Stage Kiss Review: Sarah Ruhl’s Slapstick Smooching

By the end of Stage Kiss, the man and the woman have kissed 288 times. This is according to the woman’s husband, who is a banker and loves numbers, and has not been in on the kissing.
In Sarah Ruhl’s amusing, convoluted play – which is anything but by the numbers, managing to combine broad slapstick, melodrama, mock-kitchen sink realism, a loving backstage farce, and a romantic comedy with actual insights into love — the unmarried couple kiss in three different ways:
They kiss in a play-within-the-play, a revival of a hilariously awful melodrama from the 1930’s in which the two portray former lovers reunited after she learns that she has only a month to live, and she asks her husband to fetch her former lover from Sweden, where he’s creating a large sculpture.
They kiss as the unnamed actors playing those two characters – who are themselves bitter former lovers, who didn’t know they had been cast in the roles as former lovers. As they kiss, their attitude towards each other…changes. “When I kissed you just now, did it feel like an actor kissing an actor or a person kissing a person? Because I’ve kissed you so many times over the last few weeks, I’m starting to not know the difference.”
And then they kiss as the actors playing the actors. The priceless Jessica Hecht, who was amazing when last on Broadway in The Assembled Parties, plays it both scatter-brained and sober, straight and comical — both credible and hilarious. The manly Dominic Fumusa, who plays Edie Falco’s ex-husband in Nurse Jackie, turns out to share Hecht’s gift for comedy.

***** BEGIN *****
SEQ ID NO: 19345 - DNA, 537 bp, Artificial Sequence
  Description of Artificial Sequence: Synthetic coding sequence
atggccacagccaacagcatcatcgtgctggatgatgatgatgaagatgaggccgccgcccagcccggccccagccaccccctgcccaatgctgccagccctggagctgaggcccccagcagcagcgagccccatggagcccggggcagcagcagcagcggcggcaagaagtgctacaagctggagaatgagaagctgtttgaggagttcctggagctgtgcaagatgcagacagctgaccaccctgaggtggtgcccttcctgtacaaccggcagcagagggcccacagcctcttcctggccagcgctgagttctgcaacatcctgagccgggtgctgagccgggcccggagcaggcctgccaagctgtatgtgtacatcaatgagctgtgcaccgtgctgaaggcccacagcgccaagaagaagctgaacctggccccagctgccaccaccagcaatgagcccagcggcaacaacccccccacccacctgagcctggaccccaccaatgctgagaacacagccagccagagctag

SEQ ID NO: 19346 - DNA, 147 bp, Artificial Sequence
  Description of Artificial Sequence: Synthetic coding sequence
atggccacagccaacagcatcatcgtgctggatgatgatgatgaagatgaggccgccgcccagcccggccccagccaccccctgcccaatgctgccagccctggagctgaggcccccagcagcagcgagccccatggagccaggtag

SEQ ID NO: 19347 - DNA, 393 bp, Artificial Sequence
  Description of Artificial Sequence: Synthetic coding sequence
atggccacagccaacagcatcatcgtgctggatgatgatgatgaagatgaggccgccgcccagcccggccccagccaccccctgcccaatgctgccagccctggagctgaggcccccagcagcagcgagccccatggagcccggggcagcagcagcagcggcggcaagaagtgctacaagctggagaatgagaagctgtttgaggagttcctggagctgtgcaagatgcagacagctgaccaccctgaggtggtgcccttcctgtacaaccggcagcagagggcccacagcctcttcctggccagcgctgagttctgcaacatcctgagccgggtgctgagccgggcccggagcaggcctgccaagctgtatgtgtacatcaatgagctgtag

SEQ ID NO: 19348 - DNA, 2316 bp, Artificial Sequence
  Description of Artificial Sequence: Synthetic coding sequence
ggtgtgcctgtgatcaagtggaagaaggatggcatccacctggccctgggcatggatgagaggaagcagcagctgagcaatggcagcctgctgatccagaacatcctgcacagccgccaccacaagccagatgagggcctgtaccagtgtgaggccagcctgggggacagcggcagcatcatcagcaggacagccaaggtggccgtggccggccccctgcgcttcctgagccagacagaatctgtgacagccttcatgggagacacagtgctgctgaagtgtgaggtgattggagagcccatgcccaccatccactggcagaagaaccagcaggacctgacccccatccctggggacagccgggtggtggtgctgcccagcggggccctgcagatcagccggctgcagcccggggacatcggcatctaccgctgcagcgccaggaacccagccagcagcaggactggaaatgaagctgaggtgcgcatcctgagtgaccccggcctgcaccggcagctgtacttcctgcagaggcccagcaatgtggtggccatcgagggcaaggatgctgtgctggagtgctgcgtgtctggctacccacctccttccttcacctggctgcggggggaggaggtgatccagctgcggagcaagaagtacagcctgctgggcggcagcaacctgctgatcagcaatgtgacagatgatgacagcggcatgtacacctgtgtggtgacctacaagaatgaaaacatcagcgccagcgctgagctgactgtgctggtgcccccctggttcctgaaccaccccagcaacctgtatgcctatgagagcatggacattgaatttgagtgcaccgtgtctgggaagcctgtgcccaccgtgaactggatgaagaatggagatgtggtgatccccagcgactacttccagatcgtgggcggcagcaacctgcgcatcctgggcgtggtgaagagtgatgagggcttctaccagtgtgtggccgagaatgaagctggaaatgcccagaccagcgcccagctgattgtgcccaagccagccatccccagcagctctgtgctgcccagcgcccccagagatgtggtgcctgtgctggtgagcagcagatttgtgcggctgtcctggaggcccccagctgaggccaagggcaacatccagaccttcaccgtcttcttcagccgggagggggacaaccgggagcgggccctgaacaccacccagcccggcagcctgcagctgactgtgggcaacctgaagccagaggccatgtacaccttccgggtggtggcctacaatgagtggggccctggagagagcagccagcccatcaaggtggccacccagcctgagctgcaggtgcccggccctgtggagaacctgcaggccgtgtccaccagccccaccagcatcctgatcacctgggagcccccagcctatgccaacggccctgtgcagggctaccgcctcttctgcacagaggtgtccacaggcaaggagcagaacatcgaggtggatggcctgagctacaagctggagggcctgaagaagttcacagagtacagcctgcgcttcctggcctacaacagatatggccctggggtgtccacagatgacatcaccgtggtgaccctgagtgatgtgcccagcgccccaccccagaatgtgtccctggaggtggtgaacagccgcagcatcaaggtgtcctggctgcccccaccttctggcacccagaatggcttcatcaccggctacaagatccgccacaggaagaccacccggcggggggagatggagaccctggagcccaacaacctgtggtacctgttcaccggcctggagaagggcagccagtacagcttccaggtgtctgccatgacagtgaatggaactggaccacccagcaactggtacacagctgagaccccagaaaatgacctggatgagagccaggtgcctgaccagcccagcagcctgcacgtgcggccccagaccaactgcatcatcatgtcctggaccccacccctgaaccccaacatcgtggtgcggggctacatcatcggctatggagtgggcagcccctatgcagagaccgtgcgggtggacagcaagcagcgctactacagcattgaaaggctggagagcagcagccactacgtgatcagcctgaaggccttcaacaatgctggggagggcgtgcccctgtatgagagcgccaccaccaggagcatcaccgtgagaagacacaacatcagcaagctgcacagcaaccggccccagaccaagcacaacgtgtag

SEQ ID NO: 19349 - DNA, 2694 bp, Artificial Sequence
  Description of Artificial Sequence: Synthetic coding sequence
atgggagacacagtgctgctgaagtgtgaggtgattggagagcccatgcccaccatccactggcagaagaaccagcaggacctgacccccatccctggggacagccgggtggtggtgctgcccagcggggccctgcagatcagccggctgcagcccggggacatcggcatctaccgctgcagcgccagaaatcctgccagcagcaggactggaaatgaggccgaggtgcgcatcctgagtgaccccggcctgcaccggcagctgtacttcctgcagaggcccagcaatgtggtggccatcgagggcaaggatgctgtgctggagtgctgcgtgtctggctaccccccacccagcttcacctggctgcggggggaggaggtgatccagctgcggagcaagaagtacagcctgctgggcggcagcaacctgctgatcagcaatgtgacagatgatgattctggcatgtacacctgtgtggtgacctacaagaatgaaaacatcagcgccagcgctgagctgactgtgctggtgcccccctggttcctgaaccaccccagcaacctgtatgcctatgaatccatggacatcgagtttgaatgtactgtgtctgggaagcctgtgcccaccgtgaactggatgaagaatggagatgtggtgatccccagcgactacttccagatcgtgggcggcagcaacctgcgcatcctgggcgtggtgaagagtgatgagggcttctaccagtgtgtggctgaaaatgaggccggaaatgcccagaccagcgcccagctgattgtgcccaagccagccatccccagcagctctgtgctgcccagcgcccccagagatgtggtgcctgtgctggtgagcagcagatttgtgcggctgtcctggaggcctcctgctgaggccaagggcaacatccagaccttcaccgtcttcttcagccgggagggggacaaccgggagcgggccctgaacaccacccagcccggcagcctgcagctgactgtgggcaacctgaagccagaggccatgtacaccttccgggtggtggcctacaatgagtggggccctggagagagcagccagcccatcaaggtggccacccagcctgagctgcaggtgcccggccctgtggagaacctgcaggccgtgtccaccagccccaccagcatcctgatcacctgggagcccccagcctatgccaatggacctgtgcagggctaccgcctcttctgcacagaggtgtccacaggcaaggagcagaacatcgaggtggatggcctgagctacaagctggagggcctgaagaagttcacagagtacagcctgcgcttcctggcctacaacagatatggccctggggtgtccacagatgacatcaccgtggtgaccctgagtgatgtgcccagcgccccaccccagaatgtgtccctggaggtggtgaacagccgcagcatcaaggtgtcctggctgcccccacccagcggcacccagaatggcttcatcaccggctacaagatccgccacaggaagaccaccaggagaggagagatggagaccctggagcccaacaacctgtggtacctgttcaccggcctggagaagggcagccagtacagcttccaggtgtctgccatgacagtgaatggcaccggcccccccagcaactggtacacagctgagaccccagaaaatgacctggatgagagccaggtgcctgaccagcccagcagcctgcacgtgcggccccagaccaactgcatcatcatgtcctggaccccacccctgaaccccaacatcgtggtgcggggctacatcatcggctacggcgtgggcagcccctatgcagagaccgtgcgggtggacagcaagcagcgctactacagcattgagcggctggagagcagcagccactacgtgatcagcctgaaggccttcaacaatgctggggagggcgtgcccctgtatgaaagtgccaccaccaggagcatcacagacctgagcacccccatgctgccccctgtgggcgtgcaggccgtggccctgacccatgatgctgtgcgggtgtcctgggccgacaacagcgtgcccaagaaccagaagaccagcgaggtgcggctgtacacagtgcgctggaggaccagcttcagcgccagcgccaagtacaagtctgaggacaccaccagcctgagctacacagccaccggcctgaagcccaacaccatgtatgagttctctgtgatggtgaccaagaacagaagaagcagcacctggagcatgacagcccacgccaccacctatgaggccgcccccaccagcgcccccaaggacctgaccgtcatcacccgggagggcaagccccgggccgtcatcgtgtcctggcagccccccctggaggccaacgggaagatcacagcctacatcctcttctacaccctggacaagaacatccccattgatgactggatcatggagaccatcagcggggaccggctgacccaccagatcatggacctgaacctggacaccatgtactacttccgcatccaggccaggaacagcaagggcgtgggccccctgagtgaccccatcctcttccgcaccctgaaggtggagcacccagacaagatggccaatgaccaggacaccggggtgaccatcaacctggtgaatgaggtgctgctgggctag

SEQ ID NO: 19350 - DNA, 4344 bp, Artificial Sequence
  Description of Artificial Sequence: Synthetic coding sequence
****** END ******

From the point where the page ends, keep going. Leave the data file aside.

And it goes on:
They are not the only ones. Under the sharp direction of Rebecca Taichman, the whole eight-member cast, including several playing multiple roles, shine,  getting laughs without seeming to try. A particular stand-out is the grim, low-key director portrayed by Patrick Kerr. The couple are not even the only ones  kissing. Fumusa’s character hurts his ankle, and so the actress must undergo awkward  kisses by the gay understudy Kevin, who looks as if he’s trying to bite at her face (Michael Cyril Creighton, whose amusing mastery of the goofy pose recalls One Man, Two Guvnor’s James Corden)

Ruhl, a MacArthur genius whose whimsical touch and fanciful endings have left me less than charmed in the past, here manages a twist that doesn’t feel tagged on. If the ending arrives a little later than I might have wished — as the actors themselves point out, it is not as pleasurable watching marathon smooching on stage as it might be on film — “Stage Kiss” ends up both clever and something approaching profound.

Stage Kiss

Playwrights Horizons

By Sarah Ruhl; directed by Rebecca Taichman; sets by Neil Patel; costumes by Susan Hilferty; lighting by Peter Kaczorowski; sound by Matt Hubbs; choreography by Sam Pinkleton; music by Todd Almond.

Cast: Todd Almond (the Accompanist), Clea Alsip (Millicent/Laurie), Michael Cyril Creighton (Kevin/Butler/Doctor/Pimp), Dominic Fumusa (He), Emma Galvin (Angela/Millie/Maid), Jessica Hecht (She), Daniel Jenkins (the Husband) and Patrick Kerr (the Director).

Running time: two hours including intermission

Stage Kiss is scheduled to run through March 23

Update: Stage Kiss has been extended until April 6, 2014


About New York Theater
Jonathan Mandell is a 3rd generation NYC journalist, who sees shows, reads plays, writes reviews and sometimes talks with people.

One Response to Stage Kiss Review: Sarah Ruhl’s Slapstick Smooching

  1. Pingback: 2014 Outer Critics Circle Nominations: Gentlemen’s Guide, Aladdin, Fun Home Lead. | New York Theater

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